Should there be a property right in personal data?
For the last 50 years since the world’s first data protection law was adopted in Hesse, Germany in 1970, Data Protection Authorities have based their regulatory powers on a data protection or privacy right regarded in many democratic countries as a basic right.
These rights have been codified in many national laws, the Council of Europe Convention, the European Community Data Protection Directive, the GDPR and the EU Charter of Fundamental Rights. These rights apply quite properly to the collection and use of personal data by the state to avoid surveillance being adopted as a norm in civilised societies. The GDPR’s influence can be seen in countries as far apart as Jamaica which has adopted a new law, and South Africa.
There have always been exceptions for the purpose of fighting crime and terrorism and this year there have been exceptions for the mass collection of data to track and mitigate the impact of the Covid-19 pandemic on society – Listen to PL&B Privacy Paths podcasts number 1, 2 and 3 at www.privacylaws.com/podcasts/
When I first heard the argument that personal data could in some circumstances be considered a property right (in a presentation at PL&B’s 26th Annual International Conference in 2013 and covered in PL&B UK Report July 2013 p.19), I was rather sceptical. However, since then, the mass collection of personal data to use largely as they wish by Facebook, Google and by many other organisations, has become the norm.
Although privacy policies are present on the websites and devices powered by the tech giants and app developers, they are often lengthy and complex, even for privacy professionals. Of course, there are tensions for some organisations when they are challenged or sanctioned by the Data Protection Authorities, for example, in Belgium.
Advantages in a corporate privacy stance
But some organisations are seeing advantages in a public pro-privacy posture, as can be seen by the public statements by Microsoft regarding adopting the California CCPA across the US and Apple’s decision to require opt-in consent for access to ad tracking.
Obviously, those of us who favour more effective protection of privacy cannot be content with incremental change in corporate sentiment. But privacy laws, when aligned with companies’ perception of their self-interests, have led to changes in adtech culture (PL&B UK Report July 2020 and podcast number 5).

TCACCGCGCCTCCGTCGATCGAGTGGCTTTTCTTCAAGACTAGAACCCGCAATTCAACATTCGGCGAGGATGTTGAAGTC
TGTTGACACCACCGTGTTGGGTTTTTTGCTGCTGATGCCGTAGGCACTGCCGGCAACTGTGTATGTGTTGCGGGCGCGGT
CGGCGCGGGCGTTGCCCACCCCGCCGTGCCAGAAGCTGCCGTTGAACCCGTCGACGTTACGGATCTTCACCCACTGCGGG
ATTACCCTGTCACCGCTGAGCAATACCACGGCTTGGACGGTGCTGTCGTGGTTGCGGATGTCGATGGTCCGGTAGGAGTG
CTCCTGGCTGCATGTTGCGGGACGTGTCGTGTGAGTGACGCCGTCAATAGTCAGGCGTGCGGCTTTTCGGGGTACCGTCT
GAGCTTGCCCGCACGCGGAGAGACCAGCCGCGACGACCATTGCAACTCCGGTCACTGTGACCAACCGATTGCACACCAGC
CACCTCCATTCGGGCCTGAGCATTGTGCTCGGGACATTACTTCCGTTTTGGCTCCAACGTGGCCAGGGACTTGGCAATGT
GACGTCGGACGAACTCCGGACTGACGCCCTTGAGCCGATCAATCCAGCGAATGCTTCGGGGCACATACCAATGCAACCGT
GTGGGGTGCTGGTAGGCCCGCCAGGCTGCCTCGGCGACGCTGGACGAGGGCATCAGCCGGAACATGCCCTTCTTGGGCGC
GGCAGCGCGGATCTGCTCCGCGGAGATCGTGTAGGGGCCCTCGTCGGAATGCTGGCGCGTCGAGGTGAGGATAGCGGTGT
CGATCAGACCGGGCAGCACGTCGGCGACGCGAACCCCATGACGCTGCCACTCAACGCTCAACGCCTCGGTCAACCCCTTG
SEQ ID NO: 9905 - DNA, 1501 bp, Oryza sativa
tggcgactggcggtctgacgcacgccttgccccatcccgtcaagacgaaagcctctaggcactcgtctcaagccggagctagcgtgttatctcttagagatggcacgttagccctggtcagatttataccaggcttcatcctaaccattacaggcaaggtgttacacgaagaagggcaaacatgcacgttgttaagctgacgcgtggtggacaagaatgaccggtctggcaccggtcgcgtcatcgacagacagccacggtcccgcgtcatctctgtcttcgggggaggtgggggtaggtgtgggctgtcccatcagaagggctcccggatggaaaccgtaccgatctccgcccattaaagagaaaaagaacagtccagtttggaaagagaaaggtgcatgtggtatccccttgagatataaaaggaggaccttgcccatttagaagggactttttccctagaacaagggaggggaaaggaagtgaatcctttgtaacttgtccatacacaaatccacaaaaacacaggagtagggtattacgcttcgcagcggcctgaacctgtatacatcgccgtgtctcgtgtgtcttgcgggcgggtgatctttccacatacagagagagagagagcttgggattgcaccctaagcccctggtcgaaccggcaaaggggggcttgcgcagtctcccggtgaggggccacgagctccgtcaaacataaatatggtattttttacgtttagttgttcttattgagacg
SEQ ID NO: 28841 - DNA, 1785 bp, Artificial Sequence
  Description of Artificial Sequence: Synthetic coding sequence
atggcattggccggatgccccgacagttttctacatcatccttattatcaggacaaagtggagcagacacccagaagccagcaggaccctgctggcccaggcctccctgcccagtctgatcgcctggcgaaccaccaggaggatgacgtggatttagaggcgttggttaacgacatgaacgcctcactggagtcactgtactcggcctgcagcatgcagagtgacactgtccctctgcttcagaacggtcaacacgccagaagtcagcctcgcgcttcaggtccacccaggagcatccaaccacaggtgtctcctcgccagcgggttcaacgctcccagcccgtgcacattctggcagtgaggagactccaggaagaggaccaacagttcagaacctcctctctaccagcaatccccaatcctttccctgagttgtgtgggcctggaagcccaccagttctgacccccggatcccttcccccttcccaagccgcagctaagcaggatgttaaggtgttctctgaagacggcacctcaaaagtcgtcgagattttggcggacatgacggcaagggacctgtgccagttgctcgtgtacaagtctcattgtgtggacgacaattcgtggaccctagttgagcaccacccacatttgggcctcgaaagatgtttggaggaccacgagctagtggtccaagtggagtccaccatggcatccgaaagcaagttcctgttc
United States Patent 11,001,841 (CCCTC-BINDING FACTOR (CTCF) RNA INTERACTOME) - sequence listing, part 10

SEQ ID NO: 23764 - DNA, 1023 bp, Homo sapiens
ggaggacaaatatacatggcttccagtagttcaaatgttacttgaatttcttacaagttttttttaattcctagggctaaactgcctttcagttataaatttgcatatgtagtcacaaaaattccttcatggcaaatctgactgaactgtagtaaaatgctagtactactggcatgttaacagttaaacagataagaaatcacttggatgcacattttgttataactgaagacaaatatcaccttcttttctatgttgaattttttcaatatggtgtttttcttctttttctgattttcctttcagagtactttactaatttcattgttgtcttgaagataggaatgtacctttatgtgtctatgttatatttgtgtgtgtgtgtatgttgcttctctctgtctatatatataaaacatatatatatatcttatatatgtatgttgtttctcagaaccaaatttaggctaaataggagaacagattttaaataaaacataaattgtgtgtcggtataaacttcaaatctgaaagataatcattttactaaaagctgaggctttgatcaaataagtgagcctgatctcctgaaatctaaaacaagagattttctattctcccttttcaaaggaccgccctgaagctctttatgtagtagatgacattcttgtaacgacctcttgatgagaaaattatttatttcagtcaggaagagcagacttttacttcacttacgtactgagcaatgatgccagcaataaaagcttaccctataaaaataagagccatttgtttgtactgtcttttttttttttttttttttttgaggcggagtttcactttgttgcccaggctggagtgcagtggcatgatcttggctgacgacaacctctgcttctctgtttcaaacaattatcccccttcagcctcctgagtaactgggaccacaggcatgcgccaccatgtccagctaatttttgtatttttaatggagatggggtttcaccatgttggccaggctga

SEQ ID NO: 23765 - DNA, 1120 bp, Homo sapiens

Is it legal to sell your personal data?
Clearview’s scraping of billions of images from the Internet to supply its facial recognition software is seen to contravene privacy norms and laws in many countries. So it has been rightly challenged by many privacy regulators, as in Canada, has sparked an investigation by the UK and Australian DPAs, and has led to class actions in the US.
The evident value of personal data has encouraged the establishment of at least three companies, Muna.io in Belgium and Clture and Citizen.me in the US, which give individuals the opportunity to knowingly sell their personal data to companies for a known purpose and reward. Obviously, the method and clarity of individuals giving their consent and their ability to revoke it are crucial. Privacy advocates will certainly object to this kind of business. But just because a person objects to this kind of business, in principle, does not mean that it is actually illegal or contrary to the GDPR or similar national laws.
National laws have not stopped a host of companies taking people’s data without their conscious knowledge. Therefore, there is an argument that a company which acts as an intermediary to enable people to knowingly sell their personal data for a known purpose for their reward and/or for charity, should be legitimate. I welcome both supporting and opposing views. Contact me at email@example.com
By the time of our next PL&B International Report in October, we expect to announce our plans for events in the last quarter of the year. Let’s all do our best to keep in good health, despite the long tail of the pandemic.
Stewart Dresner, Publisher
EU-US Privacy Shield is invalidated
Although Standard Contractual Clauses remain valid, the decision creates uncertainty for companies which have been relying on the Shield for their EU-US transfers. By Laura Linkomies.
Jamaica adopts data privacy law
Graham Greenleaf asks whether Jamaica’s law is strong enough to mark the start of a different direction for data privacy in the Caribbean.